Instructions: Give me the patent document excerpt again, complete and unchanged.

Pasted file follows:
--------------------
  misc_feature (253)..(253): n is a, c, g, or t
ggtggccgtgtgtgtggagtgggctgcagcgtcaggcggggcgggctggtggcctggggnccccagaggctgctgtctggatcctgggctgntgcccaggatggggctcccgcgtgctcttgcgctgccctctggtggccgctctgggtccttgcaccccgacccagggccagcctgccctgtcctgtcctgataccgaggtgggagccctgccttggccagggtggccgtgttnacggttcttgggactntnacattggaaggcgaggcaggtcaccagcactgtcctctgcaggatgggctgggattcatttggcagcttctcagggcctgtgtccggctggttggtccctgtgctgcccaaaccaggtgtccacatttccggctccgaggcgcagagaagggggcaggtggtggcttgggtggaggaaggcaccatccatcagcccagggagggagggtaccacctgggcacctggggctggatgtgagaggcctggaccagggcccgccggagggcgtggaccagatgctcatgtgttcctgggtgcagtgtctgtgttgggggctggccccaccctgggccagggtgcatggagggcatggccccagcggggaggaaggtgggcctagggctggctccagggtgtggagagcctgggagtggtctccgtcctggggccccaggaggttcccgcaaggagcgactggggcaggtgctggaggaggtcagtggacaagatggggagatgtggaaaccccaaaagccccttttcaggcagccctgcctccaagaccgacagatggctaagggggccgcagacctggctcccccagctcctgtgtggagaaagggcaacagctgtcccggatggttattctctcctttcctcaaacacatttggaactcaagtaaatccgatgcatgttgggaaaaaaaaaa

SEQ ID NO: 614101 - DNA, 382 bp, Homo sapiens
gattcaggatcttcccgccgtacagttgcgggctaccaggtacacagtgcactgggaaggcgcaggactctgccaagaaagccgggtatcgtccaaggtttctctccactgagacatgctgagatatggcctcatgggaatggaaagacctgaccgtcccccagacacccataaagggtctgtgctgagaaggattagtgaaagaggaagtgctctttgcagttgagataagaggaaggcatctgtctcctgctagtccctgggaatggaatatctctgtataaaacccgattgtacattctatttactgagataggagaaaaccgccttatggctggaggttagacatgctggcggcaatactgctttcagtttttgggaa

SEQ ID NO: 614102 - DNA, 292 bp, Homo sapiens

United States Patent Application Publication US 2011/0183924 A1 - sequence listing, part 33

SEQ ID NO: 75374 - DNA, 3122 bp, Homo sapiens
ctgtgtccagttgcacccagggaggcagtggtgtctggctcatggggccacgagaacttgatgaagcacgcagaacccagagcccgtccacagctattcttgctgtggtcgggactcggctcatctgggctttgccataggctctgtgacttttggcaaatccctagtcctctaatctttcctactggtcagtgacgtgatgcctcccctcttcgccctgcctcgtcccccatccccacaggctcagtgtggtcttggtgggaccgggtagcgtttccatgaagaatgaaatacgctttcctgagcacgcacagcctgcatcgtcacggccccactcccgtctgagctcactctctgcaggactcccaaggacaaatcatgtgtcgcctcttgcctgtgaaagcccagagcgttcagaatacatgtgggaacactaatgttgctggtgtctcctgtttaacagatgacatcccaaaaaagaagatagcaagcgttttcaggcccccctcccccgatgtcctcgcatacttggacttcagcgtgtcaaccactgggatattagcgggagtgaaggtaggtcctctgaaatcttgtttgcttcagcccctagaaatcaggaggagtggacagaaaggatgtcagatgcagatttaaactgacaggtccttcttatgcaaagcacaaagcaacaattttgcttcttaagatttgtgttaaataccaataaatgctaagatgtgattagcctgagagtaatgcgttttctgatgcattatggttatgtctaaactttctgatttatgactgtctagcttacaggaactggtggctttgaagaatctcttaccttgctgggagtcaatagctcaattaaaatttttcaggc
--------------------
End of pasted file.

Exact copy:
  misc_feature (253)..(253): n is a, c, g, or t
ggtggccgtgtgtgtggagtgggctgcagcgtcaggcggggcgggctggtggcctggggnccccagaggctgctgtctggatcctgggctgntgcccaggatggggctcccgcgtgctcttgcgctgccctctggtggccgctctgggtccttgcaccccgacccagggccagcctgccctgtcctgtcctgataccgaggtgggagccctgccttggccagggtggccgtgttnacggttcttgggactntnacattggaaggcgaggcaggtcaccagcactgtcctctgcaggatgggctgggattcatttggcagcttctcagggcctgtgtccggctggttggtccctgtgctgcccaaaccaggtgtccacatttccggctccgaggcgcagagaagggggcaggtggtggcttgggtggaggaaggcaccatccatcagcccagggagggagggtaccacctgggcacctggggctggatgtgagaggcctggaccagggcccgccggagggcgtggaccagatgctcatgtgttcctgggtgcagtgtctgtgttgggggctggccccaccctgggccagggtgcatggagggcatggccccagcggggaggaaggtgggcctagggctggctccagggtgtggagagcctgggagtggtctccgtcctggggccccaggaggttcccgcaaggagcgactggggcaggtgctggaggaggtcagtggacaagatggggagatgtggaaaccccaaaagccccttttcaggcagccctgcctccaagaccgacagatggctaagggggccgcagacctggctcccccagctcctgtgtggagaaagggcaacagctgtcccggatggttattctctcctttcctcaaacacatttggaactcaagtaaatccgatgcatgttgggaaaaaaaaaa

SEQ ID NO: 614101 - DNA, 382 bp, Homo sapiens
gattcaggatcttcccgccgtacagttgcgggctaccaggtacacagtgcactgggaaggcgcaggactctgccaagaaagccgggtatcgtccaaggtttctctccactgagacatgctgagatatggcctcatgggaatggaaagacctgaccgtcccccagacacccataaagggtctgtgctgagaaggattagtgaaagaggaagtgctctttgcagttgagataagaggaaggcatctgtctcctgctagtccctgggaatggaatatctctgtataaaacccgattgtacattctatttactgagataggagaaaaccgccttatggctggaggttagacatgctggcggcaatactgctttcagtttttgggaa

SEQ ID NO: 614102 - DNA, 292 bp, Homo sapiens

United States Patent Application Publication US 2011/0183924 A1 - sequence listing, part 33

SEQ ID NO: 75374 - DNA, 3122 bp, Homo sapiens
ctgtgtccagttgcacccagggaggcagtggtgtctggctcatggggccacgagaacttgatgaagcacgcagaacccagagcccgtccacagctattcttgctgtggtcgggactcggctcatctgggctttgccataggctctgtgacttttggcaaatccctagtcctctaatctttcctactggtcagtgacgtgatgcctcccctcttcgccctgcctcgtcccccatccccacaggctcagtgtggtcttggtgggaccgggtagcgtttccatgaagaatgaaatacgctttcctgagcacgcacagcctgcatcgtcacggccccactcccgtctgagctcactctctgcaggactcccaaggacaaatcatgtgtcgcctcttgcctgtgaaagcccagagcgttcagaatacatgtgggaacactaatgttgctggtgtctcctgtttaacagatgacatcccaaaaaagaagatagcaagcgttttcaggcccccctcccccgatgtcctcgcatacttggacttcagcgtgtcaaccactgggatattagcgggagtgaaggtaggtcctctgaaatcttgtttgcttcagcccctagaaatcaggaggagtggacagaaaggatgtcagatgcagatttaaactgacaggtccttcttatgcaaagcacaaagcaacaattttgcttcttaagatttgtgttaaataccaataaatgctaagatgtgattagcctgagagtaatgcgttttctgatgcattatggttatgtctaaactttctgatttatgactgtctagcttacaggaactggtggctttgaagaatctcttaccttgctgggagtcaatagctcaattaaaatttttcaggc